Most Northern Ireland manufacturers optimistic, but Brexit still biggest concern
Just over three-quarters of manufacturers in Northern Ireland have said Brexit uncertainty is the biggest issue affecting business.
And rising numbers of firms, surveyed by Manufacturing NI and law firm Tughans for their latest sectoral report said they fear Brexit will have a negative effect on business.
But the majority said they had increased sales in the last 12 months - though the percentage reporting rising sales had fallen from 74% in last year's survey to 58%.
There was also a drop in the percentage of firms expecting growth to pick up in 2019 from 57% to 47%.
Stockpiling before the first Brexit deadline of March 29 had also resulted in the investment of working capital.
Stephen Kelly, chief executive of Manufacturing NI, said: "This is our third survey alongside Tughans and we are now clearly seeing trends develop.
"Of concern is that confidence is declining due to political uncertainty, particularly in regard to the UK's exit from the EU.
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"For the first time, the degree of stockpiling by manufacturers has been revealed with almost half of firms saying they've invested significant sums of working capital in an effort to insulate them from the potential crash out in March 2019.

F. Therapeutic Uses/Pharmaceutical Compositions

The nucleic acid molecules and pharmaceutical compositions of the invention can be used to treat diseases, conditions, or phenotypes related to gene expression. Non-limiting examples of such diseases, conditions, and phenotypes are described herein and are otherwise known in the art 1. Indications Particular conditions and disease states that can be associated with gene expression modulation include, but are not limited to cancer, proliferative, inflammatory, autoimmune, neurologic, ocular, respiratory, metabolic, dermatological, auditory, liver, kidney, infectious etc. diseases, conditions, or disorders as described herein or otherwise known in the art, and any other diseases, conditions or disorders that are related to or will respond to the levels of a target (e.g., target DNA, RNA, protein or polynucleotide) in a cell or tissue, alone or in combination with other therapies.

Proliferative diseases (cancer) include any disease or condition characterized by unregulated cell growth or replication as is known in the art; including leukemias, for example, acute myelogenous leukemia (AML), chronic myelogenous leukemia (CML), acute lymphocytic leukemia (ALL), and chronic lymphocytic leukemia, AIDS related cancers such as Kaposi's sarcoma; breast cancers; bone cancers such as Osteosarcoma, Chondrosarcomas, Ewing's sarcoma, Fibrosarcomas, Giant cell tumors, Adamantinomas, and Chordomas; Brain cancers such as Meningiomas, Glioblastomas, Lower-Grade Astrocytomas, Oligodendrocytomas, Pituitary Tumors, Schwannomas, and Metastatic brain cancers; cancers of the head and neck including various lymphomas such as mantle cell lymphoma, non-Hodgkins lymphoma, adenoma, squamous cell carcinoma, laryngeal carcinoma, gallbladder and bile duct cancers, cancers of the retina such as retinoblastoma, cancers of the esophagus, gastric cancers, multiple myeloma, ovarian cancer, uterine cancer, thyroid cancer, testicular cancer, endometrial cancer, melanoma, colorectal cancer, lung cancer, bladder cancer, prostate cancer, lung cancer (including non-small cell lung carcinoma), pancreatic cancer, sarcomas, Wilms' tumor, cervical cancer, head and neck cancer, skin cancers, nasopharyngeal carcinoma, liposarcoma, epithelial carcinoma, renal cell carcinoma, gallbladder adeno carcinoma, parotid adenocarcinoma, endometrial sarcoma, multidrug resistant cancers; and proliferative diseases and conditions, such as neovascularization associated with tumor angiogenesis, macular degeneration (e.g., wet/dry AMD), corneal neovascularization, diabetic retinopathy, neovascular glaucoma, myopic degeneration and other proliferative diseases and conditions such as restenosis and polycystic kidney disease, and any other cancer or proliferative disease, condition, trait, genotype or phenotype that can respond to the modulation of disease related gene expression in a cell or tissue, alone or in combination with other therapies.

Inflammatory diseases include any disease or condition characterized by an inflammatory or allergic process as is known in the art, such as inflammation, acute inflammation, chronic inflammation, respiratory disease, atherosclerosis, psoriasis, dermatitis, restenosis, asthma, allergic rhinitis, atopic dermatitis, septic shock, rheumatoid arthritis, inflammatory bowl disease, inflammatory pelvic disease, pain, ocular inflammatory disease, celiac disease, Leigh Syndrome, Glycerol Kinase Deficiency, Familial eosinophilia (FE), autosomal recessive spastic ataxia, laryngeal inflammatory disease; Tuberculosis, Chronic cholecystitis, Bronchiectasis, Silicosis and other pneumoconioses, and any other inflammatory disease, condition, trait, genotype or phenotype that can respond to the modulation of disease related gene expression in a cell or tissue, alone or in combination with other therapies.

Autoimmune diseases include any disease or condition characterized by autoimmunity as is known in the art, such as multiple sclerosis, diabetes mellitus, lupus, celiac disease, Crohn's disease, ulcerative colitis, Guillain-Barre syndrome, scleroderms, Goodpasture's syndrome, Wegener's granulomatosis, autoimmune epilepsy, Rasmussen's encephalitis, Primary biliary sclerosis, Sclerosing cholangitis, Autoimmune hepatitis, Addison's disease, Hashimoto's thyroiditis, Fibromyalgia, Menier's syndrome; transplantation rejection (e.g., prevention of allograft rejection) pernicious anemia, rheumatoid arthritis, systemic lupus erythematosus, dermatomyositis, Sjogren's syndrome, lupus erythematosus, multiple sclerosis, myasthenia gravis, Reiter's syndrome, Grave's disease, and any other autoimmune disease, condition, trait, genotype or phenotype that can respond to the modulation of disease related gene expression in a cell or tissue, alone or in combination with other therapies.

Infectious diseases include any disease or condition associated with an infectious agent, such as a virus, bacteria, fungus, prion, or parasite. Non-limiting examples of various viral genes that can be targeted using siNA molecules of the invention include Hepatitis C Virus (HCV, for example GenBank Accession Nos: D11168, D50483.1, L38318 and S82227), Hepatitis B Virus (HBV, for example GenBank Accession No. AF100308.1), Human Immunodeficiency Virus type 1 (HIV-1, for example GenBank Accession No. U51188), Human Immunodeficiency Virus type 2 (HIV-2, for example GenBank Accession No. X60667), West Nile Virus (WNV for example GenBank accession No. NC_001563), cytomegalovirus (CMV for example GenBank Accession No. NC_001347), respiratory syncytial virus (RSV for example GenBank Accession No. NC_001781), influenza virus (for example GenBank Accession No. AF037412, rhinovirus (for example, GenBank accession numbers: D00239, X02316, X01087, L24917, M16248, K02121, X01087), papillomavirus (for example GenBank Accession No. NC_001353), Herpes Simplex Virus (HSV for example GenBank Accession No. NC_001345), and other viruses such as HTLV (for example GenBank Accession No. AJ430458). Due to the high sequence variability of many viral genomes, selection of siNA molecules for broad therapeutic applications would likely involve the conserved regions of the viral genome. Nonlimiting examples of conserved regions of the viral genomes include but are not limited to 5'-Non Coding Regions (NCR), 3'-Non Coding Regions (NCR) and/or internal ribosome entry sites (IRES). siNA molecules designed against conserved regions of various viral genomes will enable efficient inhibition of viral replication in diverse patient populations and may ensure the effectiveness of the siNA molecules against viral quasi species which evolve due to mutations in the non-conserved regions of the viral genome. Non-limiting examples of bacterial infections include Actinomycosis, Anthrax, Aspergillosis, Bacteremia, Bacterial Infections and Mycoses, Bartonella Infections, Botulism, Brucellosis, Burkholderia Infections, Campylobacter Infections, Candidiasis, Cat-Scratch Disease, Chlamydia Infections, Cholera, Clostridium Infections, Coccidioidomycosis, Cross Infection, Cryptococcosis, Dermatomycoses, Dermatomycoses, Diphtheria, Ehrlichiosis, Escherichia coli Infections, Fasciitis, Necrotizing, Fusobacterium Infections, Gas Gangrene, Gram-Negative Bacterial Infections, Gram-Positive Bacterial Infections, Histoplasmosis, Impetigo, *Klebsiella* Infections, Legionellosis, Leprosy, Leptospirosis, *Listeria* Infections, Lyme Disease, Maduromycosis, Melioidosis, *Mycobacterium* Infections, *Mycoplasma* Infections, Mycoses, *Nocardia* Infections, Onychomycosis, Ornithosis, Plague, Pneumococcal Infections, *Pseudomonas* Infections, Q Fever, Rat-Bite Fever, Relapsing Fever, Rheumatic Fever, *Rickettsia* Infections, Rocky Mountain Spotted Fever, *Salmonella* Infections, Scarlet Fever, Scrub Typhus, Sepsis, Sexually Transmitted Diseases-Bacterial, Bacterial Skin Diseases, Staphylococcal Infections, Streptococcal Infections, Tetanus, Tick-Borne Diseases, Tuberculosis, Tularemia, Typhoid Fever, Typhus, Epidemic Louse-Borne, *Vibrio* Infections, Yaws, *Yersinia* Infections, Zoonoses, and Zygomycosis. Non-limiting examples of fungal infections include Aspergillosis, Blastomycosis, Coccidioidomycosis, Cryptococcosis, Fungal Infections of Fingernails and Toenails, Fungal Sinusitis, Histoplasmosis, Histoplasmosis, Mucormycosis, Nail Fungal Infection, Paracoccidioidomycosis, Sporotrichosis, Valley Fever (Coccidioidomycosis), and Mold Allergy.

"With the next deadline of October 31, at a time when storage is already under stress as retailers stock up for Christmas, we will have significant challenges to try to continue business as usual.
"Indeed, now 60% of firms believe Brexit will have a negative impact on their business up from 41% this time last year."
The survey was carried out by polling firm Perceptive Insight last month.
James Donnelly, head of corporate at Tughans, said: "Although not quite so positive as the December 2018 survey, the survey findings indicate that most manufacturing businesses locally are remaining optimistic.
"This is encouraging despite the ongoing challenges presented by political uncertainty, the rising cost of doing business and shortage of appropriate skills.
"Whilst the sector has embraced a stoical approach of just getting on with it, there is no doubt that if our local politicians could resolve the impasse that the local economy would benefit hugely."